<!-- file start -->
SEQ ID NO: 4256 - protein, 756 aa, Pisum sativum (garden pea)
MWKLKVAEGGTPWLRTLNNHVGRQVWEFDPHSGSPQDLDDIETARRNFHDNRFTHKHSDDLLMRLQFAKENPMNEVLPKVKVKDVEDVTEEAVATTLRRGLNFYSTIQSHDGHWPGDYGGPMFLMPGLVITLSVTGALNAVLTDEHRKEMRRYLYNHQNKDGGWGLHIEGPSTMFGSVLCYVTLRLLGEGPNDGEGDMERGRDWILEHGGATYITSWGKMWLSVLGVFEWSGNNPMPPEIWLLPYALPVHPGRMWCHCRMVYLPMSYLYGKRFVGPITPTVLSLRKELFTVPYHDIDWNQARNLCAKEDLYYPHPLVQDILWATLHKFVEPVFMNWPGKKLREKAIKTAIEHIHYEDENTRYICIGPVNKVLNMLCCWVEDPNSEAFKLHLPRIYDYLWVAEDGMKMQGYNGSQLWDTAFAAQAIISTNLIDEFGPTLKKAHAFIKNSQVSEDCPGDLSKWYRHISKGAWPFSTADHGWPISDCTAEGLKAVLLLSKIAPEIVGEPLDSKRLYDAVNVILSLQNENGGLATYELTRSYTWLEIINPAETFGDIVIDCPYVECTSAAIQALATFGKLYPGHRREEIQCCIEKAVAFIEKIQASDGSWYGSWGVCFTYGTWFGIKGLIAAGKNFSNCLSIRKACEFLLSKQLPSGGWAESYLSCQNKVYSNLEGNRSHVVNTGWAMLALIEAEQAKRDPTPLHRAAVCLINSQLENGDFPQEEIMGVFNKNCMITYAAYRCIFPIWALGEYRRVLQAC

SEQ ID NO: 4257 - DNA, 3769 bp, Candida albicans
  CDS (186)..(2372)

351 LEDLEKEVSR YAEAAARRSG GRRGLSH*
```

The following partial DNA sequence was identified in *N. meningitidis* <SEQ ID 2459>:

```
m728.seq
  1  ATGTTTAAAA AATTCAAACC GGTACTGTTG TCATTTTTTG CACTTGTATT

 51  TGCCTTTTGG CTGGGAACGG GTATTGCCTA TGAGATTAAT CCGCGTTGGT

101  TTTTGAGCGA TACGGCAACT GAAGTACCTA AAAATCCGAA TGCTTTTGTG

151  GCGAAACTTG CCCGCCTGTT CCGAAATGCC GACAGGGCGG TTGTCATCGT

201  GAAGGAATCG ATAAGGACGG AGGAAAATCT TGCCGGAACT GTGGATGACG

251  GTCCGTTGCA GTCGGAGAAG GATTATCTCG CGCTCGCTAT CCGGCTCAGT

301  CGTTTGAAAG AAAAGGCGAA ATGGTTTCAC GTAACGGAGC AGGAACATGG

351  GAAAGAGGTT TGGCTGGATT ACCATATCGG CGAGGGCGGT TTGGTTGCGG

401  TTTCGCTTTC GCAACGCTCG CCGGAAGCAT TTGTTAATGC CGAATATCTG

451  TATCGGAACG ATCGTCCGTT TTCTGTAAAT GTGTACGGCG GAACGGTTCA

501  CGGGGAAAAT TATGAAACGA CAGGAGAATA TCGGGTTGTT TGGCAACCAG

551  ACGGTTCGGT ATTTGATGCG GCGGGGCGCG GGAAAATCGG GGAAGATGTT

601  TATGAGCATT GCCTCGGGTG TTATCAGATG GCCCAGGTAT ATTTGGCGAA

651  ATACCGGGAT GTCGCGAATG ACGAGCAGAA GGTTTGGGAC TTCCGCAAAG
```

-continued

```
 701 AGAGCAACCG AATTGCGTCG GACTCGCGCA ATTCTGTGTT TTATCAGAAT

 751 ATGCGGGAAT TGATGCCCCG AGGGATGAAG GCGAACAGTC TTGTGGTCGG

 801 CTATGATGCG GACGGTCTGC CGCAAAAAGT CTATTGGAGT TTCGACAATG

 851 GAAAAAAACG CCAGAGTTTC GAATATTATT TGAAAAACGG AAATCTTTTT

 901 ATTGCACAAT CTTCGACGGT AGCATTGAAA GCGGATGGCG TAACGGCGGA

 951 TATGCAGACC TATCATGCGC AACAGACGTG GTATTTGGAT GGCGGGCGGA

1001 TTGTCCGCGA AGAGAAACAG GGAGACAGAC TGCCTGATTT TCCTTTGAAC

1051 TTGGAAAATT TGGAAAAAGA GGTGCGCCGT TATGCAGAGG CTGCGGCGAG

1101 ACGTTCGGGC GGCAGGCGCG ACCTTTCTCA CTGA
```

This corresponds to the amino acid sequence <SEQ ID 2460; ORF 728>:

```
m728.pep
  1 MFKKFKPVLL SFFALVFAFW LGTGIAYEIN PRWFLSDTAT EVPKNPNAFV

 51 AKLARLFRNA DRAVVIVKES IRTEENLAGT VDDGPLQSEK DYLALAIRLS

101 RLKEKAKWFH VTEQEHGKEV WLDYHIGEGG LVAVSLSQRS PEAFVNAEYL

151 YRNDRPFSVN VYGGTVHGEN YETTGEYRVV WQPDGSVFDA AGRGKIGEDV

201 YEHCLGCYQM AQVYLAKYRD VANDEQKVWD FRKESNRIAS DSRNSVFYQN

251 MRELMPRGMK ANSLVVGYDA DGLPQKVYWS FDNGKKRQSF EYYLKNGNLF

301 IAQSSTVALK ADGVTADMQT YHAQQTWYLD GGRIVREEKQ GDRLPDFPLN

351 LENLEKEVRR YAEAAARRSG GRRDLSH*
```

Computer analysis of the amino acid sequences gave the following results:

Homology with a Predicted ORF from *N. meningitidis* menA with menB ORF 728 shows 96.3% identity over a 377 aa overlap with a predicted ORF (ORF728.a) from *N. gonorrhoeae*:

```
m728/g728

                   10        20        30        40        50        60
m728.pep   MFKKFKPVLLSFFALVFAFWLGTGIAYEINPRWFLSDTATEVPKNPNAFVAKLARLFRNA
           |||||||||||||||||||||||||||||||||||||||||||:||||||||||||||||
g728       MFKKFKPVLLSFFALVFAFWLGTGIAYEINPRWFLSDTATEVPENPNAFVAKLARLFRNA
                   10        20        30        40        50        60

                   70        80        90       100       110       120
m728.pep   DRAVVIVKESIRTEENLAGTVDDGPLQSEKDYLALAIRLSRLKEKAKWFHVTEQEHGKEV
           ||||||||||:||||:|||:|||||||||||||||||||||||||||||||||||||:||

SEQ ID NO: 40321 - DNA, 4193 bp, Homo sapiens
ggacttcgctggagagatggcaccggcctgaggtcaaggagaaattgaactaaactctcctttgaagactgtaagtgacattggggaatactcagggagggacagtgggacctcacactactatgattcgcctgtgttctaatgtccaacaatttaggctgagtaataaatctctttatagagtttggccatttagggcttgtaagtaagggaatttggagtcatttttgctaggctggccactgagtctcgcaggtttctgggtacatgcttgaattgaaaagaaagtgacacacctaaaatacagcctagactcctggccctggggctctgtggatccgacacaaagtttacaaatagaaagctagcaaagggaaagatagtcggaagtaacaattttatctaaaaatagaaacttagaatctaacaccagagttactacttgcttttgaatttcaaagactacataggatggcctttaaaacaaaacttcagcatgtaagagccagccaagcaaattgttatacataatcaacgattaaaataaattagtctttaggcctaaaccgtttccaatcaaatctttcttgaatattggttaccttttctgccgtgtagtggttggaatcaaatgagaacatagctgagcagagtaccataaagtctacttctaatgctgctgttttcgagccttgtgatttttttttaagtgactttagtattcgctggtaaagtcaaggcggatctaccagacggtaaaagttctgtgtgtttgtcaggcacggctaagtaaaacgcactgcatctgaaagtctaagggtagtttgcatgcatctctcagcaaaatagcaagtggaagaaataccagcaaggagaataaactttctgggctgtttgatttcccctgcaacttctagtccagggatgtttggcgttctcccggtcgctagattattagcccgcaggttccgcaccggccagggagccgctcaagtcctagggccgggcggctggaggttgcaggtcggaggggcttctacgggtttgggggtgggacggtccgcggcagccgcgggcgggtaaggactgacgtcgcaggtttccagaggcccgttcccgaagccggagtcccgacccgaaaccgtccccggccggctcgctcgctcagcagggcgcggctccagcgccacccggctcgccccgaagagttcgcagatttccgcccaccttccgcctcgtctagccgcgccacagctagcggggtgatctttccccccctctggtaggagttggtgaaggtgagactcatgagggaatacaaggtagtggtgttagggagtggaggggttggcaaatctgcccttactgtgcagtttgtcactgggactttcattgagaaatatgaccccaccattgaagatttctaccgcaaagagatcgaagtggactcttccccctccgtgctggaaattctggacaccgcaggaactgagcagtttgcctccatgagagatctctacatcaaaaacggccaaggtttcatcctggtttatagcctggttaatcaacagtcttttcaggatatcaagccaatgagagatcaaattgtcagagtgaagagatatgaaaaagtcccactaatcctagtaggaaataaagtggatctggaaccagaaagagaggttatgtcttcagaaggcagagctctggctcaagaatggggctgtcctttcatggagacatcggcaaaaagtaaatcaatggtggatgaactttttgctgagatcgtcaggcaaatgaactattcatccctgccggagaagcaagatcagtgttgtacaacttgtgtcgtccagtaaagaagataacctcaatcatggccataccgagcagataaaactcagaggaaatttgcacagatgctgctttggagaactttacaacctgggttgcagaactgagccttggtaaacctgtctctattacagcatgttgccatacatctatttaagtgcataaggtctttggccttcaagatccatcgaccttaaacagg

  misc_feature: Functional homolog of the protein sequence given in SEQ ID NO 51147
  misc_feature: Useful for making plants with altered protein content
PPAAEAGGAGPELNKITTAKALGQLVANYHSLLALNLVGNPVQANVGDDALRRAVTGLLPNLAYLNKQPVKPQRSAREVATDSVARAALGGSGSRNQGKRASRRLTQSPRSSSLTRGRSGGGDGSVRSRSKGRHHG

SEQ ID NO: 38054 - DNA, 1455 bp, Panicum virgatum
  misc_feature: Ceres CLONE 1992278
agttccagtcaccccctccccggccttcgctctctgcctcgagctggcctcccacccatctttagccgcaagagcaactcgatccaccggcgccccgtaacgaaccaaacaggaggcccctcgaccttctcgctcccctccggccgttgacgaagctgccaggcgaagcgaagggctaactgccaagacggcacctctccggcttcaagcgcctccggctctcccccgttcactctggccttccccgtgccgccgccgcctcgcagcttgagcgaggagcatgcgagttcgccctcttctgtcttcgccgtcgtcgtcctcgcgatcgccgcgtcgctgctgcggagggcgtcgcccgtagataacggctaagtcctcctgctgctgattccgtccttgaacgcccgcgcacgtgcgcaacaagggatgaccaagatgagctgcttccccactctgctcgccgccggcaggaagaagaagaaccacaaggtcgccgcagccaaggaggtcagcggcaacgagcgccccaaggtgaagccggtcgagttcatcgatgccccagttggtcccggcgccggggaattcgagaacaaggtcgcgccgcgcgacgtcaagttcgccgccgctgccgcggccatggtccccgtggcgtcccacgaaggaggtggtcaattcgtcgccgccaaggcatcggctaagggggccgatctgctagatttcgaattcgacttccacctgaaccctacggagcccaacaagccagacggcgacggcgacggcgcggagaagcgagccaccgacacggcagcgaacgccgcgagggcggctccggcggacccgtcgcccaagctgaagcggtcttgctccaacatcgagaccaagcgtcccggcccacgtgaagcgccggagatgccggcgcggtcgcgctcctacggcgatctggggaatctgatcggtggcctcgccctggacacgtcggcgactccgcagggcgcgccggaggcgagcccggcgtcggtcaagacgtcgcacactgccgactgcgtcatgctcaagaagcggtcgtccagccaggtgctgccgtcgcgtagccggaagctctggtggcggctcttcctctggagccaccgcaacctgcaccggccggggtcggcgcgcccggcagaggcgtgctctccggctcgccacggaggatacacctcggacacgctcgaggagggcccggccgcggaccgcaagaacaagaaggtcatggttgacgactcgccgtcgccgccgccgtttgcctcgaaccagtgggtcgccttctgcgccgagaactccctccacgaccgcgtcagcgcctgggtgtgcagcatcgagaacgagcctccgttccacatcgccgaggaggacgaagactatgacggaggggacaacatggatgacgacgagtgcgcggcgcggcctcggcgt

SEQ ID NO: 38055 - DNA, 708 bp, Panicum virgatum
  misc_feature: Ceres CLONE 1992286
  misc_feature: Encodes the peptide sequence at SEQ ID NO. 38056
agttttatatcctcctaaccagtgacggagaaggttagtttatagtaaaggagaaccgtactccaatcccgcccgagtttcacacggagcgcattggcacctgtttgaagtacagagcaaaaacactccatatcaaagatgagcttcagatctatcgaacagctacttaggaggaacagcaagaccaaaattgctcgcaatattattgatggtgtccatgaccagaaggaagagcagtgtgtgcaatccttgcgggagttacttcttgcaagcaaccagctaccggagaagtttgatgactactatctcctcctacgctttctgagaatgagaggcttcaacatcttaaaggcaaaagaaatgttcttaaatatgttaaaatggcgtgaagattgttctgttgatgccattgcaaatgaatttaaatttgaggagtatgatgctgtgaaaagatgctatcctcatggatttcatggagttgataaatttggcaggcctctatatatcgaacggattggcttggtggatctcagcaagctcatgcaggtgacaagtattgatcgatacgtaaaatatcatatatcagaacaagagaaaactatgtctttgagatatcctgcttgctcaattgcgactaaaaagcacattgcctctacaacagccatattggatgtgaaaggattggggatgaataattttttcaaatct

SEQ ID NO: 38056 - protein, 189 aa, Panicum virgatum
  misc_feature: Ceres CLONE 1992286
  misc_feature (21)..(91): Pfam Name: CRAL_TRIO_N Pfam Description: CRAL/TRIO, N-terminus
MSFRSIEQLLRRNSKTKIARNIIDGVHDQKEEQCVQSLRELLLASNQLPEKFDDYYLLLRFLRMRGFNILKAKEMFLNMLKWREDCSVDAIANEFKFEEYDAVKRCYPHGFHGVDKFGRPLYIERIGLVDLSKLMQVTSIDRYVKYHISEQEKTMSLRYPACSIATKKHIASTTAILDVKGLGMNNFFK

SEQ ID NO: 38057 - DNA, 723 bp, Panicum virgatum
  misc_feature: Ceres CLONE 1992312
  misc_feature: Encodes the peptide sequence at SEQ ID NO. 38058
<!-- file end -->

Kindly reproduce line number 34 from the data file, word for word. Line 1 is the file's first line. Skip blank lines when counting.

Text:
1051 TTGGAAAATT TGGAAAAAGA GGTGCGCCGT TATGCAGAGG CTGCGGCGAG